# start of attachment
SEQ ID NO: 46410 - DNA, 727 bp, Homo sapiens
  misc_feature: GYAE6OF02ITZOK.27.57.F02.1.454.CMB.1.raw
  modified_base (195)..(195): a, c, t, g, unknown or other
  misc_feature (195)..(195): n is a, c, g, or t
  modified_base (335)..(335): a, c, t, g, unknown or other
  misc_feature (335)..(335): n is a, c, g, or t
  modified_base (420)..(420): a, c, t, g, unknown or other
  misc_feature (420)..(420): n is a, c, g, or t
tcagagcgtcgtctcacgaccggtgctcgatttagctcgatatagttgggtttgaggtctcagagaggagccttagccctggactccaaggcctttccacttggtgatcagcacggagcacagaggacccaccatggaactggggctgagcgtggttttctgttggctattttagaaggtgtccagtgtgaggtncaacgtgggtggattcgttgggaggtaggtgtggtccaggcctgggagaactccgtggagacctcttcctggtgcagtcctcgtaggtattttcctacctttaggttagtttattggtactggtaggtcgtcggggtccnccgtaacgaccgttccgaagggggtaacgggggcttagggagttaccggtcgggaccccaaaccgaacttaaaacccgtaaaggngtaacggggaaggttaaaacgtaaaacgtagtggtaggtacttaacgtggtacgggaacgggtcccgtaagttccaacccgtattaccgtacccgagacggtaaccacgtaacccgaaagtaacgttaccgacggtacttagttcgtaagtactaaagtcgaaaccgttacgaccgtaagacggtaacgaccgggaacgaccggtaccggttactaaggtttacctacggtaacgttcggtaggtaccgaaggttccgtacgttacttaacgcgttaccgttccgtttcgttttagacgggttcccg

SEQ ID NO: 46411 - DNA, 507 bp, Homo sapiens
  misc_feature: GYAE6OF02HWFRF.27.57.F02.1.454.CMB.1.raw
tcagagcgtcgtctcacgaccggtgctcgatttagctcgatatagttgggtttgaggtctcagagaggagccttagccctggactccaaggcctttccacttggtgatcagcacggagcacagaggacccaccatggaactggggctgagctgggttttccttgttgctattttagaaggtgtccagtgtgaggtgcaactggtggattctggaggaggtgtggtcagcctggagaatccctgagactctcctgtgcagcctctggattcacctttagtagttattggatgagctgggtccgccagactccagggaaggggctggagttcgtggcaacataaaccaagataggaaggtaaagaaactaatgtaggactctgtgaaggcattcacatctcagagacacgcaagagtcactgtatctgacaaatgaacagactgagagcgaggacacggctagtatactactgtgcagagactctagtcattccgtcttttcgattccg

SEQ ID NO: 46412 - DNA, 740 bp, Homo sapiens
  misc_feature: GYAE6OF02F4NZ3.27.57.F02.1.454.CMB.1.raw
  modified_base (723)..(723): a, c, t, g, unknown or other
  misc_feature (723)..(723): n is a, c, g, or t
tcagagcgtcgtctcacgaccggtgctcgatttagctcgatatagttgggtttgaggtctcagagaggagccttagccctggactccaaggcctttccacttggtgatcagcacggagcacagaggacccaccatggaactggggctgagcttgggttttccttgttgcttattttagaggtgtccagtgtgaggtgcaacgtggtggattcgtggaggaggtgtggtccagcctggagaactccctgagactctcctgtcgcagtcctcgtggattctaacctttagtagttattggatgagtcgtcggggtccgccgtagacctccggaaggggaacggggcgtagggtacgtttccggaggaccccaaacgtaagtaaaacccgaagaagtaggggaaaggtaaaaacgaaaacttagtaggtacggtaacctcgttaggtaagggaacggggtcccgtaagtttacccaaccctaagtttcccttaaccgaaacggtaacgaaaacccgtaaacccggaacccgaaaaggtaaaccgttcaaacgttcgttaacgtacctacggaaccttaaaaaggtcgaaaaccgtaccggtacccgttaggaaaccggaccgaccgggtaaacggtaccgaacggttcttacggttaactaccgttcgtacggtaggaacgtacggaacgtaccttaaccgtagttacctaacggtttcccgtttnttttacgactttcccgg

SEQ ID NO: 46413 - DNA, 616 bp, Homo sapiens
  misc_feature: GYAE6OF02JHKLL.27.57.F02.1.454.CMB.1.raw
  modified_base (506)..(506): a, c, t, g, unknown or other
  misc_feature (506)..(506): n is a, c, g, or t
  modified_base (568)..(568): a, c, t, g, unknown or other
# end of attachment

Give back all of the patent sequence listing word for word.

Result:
SEQ ID NO: 46410 - DNA, 727 bp, Homo sapiens
  misc_feature: GYAE6OF02ITZOK.27.57.F02.1.454.CMB.1.raw
  modified_base (195)..(195): a, c, t, g, unknown or other
  misc_feature (195)..(195): n is a, c, g, or t
  modified_base (335)..(335): a, c, t, g, unknown or other
  misc_feature (335)..(335): n is a, c, g, or t
  modified_base (420)..(420): a, c, t, g, unknown or other
  misc_feature (420)..(420): n is a, c, g, or t
tcagagcgtcgtctcacgaccggtgctcgatttagctcgatatagttgggtttgaggtctcagagaggagccttagccctggactccaaggcctttccacttggtgatcagcacggagcacagaggacccaccatggaactggggctgagcgtggttttctgttggctattttagaaggtgtccagtgtgaggtncaacgtgggtggattcgttgggaggtaggtgtggtccaggcctgggagaactccgtggagacctcttcctggtgcagtcctcgtaggtattttcctacctttaggttagtttattggtactggtaggtcgtcggggtccnccgtaacgaccgttccgaagggggtaacgggggcttagggagttaccggtcgggaccccaaaccgaacttaaaacccgtaaaggngtaacggggaaggttaaaacgtaaaacgtagtggtaggtacttaacgtggtacgggaacgggtcccgtaagttccaacccgtattaccgtacccgagacggtaaccacgtaacccgaaagtaacgttaccgacggtacttagttcgtaagtactaaagtcgaaaccgttacgaccgtaagacggtaacgaccgggaacgaccggtaccggttactaaggtttacctacggtaacgttcggtaggtaccgaaggttccgtacgttacttaacgcgttaccgttccgtttcgttttagacgggttcccg

SEQ ID NO: 46411 - DNA, 507 bp, Homo sapiens
  misc_feature: GYAE6OF02HWFRF.27.57.F02.1.454.CMB.1.raw
tcagagcgtcgtctcacgaccggtgctcgatttagctcgatatagttgggtttgaggtctcagagaggagccttagccctggactccaaggcctttccacttggtgatcagcacggagcacagaggacccaccatggaactggggctgagctgggttttccttgttgctattttagaaggtgtccagtgtgaggtgcaactggtggattctggaggaggtgtggtcagcctggagaatccctgagactctcctgtgcagcctctggattcacctttagtagttattggatgagctgggtccgccagactccagggaaggggctggagttcgtggcaacataaaccaagataggaaggtaaagaaactaatgtaggactctgtgaaggcattcacatctcagagacacgcaagagtcactgtatctgacaaatgaacagactgagagcgaggacacggctagtatactactgtgcagagactctagtcattccgtcttttcgattccg

SEQ ID NO: 46412 - DNA, 740 bp, Homo sapiens
  misc_feature: GYAE6OF02F4NZ3.27.57.F02.1.454.CMB.1.raw
  modified_base (723)..(723): a, c, t, g, unknown or other
  misc_feature (723)..(723): n is a, c, g, or t
tcagagcgtcgtctcacgaccggtgctcgatttagctcgatatagttgggtttgaggtctcagagaggagccttagccctggactccaaggcctttccacttggtgatcagcacggagcacagaggacccaccatggaactggggctgagcttgggttttccttgttgcttattttagaggtgtccagtgtgaggtgcaacgtggtggattcgtggaggaggtgtggtccagcctggagaactccctgagactctcctgtcgcagtcctcgtggattctaacctttagtagttattggatgagtcgtcggggtccgccgtagacctccggaaggggaacggggcgtagggtacgtttccggaggaccccaaacgtaagtaaaacccgaagaagtaggggaaaggtaaaaacgaaaacttagtaggtacggtaacctcgttaggtaagggaacggggtcccgtaagtttacccaaccctaagtttcccttaaccgaaacggtaacgaaaacccgtaaacccggaacccgaaaaggtaaaccgttcaaacgttcgttaacgtacctacggaaccttaaaaaggtcgaaaaccgtaccggtacccgttaggaaaccggaccgaccgggtaaacggtaccgaacggttcttacggttaactaccgttcgtacggtaggaacgtacggaacgtaccttaaccgtagttacctaacggtttcccgtttnttttacgactttcccgg

SEQ ID NO: 46413 - DNA, 616 bp, Homo sapiens
  misc_feature: GYAE6OF02JHKLL.27.57.F02.1.454.CMB.1.raw
  modified_base (506)..(506): a, c, t, g, unknown or other
  misc_feature (506)..(506): n is a, c, g, or t
  modified_base (568)..(568): a, c, t, g, unknown or other